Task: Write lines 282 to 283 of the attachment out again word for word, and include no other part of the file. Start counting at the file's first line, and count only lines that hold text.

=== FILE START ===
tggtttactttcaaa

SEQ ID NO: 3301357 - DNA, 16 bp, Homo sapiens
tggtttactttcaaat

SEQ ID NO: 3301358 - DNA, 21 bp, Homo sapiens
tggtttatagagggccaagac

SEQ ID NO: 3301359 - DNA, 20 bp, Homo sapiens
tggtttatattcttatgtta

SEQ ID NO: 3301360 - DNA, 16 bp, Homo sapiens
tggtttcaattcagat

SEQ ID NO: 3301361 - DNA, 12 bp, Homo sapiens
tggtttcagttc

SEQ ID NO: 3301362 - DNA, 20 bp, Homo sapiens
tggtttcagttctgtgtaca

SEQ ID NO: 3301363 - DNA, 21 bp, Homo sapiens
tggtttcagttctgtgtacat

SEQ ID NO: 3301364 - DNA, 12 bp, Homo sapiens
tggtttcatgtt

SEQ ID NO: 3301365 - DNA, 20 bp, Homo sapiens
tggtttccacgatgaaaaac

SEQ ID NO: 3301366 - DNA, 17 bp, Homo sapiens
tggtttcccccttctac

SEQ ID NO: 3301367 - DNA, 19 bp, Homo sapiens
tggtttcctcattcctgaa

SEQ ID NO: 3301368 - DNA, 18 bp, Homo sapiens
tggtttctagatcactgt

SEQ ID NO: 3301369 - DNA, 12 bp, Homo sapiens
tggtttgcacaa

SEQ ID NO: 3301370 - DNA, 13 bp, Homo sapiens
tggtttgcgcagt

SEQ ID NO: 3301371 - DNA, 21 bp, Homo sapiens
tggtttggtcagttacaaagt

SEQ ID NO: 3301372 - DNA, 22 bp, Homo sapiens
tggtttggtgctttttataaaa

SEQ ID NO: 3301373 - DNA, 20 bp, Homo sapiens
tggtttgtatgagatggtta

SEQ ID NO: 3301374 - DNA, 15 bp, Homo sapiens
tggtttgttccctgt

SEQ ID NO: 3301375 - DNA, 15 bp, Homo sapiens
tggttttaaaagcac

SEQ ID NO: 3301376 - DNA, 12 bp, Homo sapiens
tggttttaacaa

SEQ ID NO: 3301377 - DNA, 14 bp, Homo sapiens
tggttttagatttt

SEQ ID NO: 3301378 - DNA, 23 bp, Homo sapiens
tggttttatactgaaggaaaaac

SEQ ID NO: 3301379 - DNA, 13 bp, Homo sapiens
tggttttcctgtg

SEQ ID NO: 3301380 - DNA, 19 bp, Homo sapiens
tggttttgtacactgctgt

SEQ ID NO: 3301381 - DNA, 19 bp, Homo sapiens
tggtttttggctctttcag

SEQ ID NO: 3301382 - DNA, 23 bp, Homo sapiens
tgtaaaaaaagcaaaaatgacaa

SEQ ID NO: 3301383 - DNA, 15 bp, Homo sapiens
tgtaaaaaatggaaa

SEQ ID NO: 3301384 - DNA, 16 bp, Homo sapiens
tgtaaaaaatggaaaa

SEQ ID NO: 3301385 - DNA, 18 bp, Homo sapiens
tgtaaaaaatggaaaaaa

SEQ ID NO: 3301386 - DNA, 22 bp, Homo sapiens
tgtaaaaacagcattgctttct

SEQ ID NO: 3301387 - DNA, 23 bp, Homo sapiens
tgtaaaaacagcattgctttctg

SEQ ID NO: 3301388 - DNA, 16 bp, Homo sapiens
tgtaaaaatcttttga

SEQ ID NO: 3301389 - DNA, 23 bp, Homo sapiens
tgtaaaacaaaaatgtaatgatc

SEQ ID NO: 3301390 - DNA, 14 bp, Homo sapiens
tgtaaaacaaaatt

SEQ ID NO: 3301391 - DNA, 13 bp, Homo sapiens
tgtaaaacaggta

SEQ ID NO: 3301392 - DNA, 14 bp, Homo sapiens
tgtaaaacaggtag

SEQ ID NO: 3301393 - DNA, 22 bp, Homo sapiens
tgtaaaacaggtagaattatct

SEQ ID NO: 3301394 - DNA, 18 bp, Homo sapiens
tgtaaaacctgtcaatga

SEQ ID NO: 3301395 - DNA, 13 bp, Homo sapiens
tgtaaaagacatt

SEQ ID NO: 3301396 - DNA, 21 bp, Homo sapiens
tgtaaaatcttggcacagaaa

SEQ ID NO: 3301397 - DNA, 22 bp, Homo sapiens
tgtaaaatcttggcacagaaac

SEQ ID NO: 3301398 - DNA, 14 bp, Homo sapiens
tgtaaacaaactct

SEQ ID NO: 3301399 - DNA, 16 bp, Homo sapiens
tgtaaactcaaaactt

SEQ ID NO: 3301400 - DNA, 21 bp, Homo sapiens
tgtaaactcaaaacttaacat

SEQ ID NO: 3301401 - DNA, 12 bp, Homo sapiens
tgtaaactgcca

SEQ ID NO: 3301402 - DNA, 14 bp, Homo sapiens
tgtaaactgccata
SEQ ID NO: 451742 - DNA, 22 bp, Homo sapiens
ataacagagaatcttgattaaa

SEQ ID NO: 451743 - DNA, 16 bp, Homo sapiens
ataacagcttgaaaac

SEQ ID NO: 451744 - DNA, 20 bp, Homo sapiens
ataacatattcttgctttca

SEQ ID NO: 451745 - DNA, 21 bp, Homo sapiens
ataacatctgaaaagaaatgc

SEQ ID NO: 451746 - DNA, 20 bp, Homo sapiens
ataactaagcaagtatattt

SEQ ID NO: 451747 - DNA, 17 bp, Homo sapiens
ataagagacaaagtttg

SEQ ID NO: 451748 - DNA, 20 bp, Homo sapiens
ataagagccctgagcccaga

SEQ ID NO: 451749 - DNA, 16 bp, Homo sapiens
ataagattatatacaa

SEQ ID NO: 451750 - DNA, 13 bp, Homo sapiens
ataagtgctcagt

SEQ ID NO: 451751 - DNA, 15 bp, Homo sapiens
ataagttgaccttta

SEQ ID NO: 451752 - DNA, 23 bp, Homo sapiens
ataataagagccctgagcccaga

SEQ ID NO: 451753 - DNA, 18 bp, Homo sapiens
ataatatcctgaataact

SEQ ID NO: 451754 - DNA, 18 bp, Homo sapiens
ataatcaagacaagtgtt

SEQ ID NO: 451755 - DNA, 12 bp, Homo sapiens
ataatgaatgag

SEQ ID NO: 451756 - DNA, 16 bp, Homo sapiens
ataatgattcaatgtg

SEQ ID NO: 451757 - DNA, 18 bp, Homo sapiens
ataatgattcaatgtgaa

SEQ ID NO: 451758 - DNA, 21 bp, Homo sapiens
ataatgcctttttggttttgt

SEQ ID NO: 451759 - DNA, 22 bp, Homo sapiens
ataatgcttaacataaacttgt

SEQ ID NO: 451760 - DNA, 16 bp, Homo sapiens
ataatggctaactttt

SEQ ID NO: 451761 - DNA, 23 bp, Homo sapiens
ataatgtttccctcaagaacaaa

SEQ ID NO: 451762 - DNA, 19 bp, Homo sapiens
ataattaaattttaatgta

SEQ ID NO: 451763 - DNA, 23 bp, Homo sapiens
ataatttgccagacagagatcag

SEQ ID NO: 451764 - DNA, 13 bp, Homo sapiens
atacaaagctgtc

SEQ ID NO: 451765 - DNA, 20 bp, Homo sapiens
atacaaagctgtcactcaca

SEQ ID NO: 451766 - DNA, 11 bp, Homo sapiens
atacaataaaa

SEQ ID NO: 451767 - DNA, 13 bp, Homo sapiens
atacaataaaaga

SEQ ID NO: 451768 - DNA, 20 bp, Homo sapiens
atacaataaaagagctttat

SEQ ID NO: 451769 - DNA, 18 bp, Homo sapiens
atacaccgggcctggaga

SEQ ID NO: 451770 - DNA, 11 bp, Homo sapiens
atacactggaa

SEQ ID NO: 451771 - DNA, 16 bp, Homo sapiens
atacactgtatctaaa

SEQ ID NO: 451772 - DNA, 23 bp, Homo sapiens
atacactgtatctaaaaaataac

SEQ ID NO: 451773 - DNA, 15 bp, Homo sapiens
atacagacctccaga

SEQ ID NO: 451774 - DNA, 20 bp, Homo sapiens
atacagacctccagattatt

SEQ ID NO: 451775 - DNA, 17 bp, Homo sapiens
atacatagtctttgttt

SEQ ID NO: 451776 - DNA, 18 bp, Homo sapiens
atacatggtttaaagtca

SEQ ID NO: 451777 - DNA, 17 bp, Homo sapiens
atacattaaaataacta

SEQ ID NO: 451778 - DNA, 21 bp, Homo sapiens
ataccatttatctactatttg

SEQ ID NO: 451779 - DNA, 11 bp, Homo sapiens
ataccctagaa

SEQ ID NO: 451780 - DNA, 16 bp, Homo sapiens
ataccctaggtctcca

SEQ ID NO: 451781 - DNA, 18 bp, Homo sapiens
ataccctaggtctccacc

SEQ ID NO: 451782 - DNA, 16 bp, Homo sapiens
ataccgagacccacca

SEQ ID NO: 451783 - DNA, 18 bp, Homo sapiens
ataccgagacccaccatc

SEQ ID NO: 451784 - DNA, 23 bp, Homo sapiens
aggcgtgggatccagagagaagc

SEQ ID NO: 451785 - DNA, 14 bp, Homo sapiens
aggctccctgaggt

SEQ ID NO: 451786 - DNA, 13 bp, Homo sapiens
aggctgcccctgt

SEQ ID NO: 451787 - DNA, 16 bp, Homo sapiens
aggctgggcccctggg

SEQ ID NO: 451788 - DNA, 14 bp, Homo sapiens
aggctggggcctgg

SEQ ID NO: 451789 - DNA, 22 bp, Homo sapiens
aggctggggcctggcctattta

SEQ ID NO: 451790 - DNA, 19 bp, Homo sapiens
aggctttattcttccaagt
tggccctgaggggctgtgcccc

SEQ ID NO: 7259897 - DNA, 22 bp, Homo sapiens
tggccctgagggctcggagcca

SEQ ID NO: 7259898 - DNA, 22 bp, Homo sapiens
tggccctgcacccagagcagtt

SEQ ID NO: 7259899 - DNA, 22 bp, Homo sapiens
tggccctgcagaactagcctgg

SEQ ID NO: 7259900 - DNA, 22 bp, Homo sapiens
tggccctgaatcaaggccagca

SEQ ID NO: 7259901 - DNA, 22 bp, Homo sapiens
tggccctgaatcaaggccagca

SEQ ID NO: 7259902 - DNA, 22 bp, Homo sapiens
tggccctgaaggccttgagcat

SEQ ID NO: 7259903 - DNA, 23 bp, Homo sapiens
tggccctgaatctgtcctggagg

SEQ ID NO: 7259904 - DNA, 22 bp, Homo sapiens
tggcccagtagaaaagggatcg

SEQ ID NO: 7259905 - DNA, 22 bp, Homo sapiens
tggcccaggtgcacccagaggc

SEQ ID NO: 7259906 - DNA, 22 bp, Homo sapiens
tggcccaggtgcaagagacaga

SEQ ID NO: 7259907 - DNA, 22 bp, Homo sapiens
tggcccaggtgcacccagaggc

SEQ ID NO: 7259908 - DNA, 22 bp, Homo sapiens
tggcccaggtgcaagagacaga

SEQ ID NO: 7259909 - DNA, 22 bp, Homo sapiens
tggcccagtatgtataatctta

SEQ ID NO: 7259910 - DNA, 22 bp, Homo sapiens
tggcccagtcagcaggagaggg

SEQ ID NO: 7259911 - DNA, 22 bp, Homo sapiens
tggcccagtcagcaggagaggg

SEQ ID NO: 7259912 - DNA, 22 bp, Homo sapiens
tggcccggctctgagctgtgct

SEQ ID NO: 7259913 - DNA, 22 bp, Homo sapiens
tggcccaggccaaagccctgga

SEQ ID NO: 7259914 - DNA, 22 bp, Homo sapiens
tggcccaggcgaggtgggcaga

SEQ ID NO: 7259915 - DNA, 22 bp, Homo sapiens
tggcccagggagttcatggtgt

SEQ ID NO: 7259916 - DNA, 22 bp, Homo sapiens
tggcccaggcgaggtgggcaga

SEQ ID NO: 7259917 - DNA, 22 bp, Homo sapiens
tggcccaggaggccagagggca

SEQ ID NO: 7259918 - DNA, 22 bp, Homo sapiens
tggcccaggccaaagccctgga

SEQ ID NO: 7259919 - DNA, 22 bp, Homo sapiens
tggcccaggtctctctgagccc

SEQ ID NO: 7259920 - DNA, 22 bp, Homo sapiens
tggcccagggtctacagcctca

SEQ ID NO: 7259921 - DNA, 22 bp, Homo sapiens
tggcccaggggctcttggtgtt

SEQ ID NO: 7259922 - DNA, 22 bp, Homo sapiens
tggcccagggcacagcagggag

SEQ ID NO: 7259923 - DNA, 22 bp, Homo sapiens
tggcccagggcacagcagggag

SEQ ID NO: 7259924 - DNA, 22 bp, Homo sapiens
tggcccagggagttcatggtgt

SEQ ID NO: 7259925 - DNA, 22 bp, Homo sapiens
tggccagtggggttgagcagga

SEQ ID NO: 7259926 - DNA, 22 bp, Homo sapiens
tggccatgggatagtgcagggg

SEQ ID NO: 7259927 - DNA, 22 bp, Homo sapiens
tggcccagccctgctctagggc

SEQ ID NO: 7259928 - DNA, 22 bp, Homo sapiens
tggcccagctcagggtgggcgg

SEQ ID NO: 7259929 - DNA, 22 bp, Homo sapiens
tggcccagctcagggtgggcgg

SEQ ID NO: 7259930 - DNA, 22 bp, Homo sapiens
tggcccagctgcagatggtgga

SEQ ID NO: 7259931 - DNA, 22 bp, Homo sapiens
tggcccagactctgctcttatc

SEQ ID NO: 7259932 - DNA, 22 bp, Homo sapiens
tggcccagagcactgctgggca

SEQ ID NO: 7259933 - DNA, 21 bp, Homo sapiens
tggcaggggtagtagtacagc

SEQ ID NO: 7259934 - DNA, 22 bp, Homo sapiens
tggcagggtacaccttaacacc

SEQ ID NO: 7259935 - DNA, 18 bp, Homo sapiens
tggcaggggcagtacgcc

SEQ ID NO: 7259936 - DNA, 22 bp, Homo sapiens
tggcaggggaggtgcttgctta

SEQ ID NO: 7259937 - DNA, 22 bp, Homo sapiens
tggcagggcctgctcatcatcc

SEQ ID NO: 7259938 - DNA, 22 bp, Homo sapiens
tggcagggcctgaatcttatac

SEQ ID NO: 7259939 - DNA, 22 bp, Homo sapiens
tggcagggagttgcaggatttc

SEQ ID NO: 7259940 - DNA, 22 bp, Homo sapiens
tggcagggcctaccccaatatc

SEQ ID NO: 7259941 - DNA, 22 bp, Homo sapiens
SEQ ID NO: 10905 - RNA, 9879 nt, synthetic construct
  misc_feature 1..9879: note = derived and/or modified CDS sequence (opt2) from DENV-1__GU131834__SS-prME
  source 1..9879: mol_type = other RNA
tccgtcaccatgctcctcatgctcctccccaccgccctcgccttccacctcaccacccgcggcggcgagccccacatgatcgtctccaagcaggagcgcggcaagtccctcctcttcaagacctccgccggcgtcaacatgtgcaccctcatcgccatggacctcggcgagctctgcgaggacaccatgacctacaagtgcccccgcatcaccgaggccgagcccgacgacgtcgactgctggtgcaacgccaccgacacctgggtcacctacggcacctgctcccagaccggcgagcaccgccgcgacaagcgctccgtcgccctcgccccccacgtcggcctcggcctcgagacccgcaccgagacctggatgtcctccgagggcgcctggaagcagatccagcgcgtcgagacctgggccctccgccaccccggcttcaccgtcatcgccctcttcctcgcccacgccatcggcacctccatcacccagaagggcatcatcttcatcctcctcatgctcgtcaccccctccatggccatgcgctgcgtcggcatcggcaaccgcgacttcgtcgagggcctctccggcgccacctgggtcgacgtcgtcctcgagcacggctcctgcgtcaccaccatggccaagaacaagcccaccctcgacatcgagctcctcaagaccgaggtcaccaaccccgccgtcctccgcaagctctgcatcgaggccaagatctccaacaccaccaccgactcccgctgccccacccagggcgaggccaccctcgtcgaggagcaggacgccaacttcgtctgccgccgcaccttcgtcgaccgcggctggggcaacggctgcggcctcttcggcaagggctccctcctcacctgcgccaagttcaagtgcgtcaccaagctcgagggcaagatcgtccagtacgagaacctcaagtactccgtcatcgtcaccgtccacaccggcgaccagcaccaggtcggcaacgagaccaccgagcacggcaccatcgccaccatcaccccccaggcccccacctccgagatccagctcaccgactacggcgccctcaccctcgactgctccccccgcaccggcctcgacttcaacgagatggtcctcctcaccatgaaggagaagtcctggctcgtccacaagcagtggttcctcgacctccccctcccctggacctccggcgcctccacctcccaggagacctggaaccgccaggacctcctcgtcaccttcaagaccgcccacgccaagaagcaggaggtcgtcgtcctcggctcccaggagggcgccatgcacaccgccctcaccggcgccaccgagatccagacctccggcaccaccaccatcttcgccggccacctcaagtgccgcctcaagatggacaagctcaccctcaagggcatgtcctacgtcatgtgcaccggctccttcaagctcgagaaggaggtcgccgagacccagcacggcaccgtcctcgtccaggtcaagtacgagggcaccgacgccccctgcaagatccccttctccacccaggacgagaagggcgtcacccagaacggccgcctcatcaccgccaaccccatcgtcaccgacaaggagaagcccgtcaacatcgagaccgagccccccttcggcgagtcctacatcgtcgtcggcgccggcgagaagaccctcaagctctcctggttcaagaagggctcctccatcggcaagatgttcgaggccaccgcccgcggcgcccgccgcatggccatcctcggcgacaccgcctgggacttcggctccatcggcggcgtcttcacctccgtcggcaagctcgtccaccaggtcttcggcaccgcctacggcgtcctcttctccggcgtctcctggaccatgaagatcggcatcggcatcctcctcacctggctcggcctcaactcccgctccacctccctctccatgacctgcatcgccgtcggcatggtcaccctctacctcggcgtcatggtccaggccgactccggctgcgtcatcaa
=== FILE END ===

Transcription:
SEQ ID NO: 10905 - RNA, 9879 nt, synthetic construct
  misc_feature 1..9879: note = derived and/or modified CDS sequence (opt2) from DENV-1__GU131834__SS-prME